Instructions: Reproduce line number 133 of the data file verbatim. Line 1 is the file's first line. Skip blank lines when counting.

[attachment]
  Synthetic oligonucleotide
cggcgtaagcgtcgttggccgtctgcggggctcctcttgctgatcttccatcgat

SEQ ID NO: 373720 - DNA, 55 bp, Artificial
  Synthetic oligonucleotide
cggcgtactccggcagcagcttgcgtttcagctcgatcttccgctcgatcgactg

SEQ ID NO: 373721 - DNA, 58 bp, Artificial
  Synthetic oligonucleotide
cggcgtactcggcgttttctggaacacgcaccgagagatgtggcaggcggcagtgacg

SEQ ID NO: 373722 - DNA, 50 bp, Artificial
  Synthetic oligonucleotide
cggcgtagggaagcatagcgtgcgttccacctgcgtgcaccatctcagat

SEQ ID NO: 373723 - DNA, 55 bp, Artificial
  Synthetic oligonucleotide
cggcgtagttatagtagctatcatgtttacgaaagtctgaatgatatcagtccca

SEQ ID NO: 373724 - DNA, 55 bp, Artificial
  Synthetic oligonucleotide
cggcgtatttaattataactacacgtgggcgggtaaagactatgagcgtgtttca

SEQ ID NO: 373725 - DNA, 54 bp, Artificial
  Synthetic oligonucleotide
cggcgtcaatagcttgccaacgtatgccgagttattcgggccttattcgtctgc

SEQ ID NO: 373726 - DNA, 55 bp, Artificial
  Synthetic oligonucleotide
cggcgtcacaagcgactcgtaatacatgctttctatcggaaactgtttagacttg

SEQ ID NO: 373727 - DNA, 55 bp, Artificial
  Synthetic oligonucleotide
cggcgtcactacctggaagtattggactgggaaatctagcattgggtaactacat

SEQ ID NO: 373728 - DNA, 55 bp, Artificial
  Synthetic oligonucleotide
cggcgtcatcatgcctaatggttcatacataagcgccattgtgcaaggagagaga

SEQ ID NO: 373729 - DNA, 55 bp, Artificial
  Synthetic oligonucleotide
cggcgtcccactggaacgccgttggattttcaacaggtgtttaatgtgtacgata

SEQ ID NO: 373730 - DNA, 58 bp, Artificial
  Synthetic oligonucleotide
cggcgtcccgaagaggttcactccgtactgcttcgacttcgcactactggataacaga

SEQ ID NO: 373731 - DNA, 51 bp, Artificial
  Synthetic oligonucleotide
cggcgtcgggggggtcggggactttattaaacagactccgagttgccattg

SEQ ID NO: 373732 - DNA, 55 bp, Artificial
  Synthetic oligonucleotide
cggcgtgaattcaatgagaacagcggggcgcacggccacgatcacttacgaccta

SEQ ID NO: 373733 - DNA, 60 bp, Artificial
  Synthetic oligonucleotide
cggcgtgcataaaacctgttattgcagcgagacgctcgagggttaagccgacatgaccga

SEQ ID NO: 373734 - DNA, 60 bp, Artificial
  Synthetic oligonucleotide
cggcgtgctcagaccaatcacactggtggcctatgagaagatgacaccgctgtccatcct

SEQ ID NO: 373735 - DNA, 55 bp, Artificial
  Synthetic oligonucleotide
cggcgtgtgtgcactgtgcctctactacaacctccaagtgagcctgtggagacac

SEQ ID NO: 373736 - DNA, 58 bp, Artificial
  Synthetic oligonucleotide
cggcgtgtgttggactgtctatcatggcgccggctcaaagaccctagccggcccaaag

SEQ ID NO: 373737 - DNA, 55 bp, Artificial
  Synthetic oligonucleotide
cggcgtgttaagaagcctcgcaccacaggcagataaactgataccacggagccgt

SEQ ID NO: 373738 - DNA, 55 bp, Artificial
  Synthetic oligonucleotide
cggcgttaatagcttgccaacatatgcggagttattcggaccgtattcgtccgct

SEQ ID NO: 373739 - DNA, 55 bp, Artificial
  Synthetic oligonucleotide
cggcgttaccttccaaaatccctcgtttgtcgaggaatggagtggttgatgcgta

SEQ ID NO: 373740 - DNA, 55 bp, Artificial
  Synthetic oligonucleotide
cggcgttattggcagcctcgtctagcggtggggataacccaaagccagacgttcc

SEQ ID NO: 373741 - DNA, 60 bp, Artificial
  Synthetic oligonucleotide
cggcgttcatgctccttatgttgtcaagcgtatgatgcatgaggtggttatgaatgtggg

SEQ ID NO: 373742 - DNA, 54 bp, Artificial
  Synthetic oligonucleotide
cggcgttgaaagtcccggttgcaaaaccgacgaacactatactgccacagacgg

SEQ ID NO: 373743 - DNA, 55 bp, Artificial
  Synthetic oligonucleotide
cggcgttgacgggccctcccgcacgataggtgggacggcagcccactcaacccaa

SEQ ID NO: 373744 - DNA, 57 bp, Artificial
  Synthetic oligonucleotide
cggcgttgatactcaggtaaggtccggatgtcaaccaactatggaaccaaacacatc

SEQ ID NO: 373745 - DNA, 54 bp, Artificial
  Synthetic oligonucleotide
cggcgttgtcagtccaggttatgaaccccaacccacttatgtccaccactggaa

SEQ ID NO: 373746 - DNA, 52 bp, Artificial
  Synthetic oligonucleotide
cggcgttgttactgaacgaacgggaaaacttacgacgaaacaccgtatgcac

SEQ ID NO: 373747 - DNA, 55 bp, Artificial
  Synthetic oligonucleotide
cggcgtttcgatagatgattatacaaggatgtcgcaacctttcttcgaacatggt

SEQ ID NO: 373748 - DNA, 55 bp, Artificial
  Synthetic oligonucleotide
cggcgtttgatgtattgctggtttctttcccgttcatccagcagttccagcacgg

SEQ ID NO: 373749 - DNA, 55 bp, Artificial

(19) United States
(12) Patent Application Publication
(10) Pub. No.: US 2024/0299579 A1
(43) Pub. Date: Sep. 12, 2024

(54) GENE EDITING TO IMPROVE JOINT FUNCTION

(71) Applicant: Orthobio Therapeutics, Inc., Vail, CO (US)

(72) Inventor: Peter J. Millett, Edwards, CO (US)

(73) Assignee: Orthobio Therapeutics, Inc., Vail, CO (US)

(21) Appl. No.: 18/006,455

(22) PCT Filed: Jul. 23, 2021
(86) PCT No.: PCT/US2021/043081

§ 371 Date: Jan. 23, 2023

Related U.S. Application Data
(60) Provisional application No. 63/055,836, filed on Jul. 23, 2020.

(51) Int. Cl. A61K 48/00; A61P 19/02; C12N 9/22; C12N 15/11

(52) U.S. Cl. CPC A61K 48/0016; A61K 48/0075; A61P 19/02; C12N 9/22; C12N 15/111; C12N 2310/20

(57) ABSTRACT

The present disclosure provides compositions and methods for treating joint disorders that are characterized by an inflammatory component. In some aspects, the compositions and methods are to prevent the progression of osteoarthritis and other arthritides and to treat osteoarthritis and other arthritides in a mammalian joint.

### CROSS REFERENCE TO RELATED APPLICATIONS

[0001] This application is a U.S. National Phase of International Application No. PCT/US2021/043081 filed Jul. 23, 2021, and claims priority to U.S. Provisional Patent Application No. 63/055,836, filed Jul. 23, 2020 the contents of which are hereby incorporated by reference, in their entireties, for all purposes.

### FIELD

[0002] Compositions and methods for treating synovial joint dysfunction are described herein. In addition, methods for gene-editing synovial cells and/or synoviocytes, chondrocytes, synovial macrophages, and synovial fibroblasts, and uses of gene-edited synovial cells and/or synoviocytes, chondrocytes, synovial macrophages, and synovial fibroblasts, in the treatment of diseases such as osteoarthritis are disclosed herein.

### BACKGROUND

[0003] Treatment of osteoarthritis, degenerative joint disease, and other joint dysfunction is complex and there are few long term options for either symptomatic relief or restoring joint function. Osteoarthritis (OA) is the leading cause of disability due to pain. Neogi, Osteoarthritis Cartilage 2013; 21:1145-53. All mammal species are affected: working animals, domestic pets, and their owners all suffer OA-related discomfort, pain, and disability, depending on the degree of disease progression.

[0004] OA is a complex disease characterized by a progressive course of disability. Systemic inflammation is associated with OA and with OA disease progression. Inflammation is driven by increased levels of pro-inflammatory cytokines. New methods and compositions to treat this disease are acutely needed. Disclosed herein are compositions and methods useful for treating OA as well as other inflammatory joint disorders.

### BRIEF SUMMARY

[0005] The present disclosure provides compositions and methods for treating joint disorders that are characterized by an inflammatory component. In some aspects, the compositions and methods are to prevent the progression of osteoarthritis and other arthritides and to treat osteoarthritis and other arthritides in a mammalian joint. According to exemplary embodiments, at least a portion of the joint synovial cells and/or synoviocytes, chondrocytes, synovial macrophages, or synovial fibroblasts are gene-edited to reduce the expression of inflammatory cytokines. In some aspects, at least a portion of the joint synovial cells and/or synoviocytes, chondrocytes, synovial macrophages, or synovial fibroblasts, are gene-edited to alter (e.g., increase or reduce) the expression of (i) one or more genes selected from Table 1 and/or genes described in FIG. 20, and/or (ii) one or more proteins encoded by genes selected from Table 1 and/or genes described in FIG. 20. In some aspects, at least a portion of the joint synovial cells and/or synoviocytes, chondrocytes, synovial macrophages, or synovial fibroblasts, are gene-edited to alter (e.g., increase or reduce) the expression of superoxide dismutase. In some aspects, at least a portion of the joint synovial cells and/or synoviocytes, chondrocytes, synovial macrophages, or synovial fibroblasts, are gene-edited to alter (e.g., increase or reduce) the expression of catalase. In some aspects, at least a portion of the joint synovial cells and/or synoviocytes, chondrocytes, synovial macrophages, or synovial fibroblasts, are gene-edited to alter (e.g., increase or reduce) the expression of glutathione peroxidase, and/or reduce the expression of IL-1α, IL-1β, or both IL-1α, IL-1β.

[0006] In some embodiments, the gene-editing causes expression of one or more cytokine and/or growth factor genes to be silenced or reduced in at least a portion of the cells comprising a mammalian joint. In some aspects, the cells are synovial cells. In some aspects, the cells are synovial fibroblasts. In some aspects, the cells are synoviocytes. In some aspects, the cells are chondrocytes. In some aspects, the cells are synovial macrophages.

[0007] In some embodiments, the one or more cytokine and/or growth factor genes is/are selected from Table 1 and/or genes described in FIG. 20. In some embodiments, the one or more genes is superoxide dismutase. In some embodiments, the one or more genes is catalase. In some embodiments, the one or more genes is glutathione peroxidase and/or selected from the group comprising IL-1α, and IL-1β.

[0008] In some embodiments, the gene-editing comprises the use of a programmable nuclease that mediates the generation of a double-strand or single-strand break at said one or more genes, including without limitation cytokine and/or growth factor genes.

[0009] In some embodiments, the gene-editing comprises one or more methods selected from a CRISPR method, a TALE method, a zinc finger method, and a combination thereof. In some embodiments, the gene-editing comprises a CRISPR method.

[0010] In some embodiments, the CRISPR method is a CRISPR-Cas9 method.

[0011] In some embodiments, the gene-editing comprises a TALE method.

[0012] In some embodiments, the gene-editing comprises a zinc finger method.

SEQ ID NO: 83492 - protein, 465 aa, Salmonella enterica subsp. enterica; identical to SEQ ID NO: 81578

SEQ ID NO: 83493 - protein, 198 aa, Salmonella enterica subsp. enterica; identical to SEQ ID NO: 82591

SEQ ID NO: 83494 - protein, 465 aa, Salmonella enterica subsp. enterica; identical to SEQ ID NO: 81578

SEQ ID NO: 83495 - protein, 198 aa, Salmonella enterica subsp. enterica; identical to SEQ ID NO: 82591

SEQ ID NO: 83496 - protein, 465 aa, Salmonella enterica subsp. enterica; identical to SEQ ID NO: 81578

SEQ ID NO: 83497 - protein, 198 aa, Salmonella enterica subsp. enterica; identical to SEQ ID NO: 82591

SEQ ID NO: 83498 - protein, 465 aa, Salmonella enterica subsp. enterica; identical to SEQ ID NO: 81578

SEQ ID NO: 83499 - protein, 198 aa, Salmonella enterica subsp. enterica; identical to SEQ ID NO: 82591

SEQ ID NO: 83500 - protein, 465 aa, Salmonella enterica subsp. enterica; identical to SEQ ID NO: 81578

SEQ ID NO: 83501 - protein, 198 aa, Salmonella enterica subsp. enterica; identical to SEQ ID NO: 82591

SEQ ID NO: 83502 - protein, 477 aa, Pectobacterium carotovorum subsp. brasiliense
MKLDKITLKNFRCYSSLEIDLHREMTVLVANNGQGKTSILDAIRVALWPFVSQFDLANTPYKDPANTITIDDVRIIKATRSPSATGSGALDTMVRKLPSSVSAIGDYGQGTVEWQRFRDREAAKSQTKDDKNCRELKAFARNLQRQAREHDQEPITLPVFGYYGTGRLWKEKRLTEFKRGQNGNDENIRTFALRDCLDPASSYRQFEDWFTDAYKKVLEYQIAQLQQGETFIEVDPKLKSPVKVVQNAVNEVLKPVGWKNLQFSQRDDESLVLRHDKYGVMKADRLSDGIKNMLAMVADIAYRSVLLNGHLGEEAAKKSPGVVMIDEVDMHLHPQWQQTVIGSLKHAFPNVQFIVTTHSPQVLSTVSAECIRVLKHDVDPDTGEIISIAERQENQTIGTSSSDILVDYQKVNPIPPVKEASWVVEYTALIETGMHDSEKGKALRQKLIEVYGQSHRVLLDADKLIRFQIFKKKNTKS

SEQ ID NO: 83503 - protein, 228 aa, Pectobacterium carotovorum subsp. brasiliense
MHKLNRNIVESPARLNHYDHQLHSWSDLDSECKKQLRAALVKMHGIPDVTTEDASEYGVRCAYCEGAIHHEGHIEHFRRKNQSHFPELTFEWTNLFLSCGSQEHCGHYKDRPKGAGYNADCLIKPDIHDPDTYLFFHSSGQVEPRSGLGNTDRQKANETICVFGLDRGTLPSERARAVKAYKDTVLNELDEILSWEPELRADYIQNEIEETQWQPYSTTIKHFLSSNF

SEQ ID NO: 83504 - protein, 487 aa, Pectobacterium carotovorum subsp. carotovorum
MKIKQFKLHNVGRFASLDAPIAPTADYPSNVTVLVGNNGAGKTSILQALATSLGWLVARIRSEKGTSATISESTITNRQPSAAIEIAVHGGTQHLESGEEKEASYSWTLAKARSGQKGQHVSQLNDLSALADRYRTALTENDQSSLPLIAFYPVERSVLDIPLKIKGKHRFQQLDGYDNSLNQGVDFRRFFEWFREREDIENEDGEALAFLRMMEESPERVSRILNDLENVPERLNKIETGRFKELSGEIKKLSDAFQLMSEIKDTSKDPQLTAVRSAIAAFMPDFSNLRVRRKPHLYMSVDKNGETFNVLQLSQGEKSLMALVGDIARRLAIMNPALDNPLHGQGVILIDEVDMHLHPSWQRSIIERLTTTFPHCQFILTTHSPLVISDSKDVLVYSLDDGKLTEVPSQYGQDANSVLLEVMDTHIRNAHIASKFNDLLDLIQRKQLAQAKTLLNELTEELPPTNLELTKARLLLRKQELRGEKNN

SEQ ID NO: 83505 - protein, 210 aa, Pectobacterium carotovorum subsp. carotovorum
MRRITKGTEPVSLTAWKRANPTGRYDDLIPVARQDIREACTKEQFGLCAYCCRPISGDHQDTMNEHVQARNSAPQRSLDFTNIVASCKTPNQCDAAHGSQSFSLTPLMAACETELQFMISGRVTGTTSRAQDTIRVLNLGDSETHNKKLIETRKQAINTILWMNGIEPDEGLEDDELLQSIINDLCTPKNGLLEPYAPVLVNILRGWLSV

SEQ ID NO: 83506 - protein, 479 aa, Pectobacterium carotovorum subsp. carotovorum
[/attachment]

SEQ ID NO: 83500 - protein, 465 aa, Salmonella enterica subsp. enterica; identical to SEQ ID NO: 81578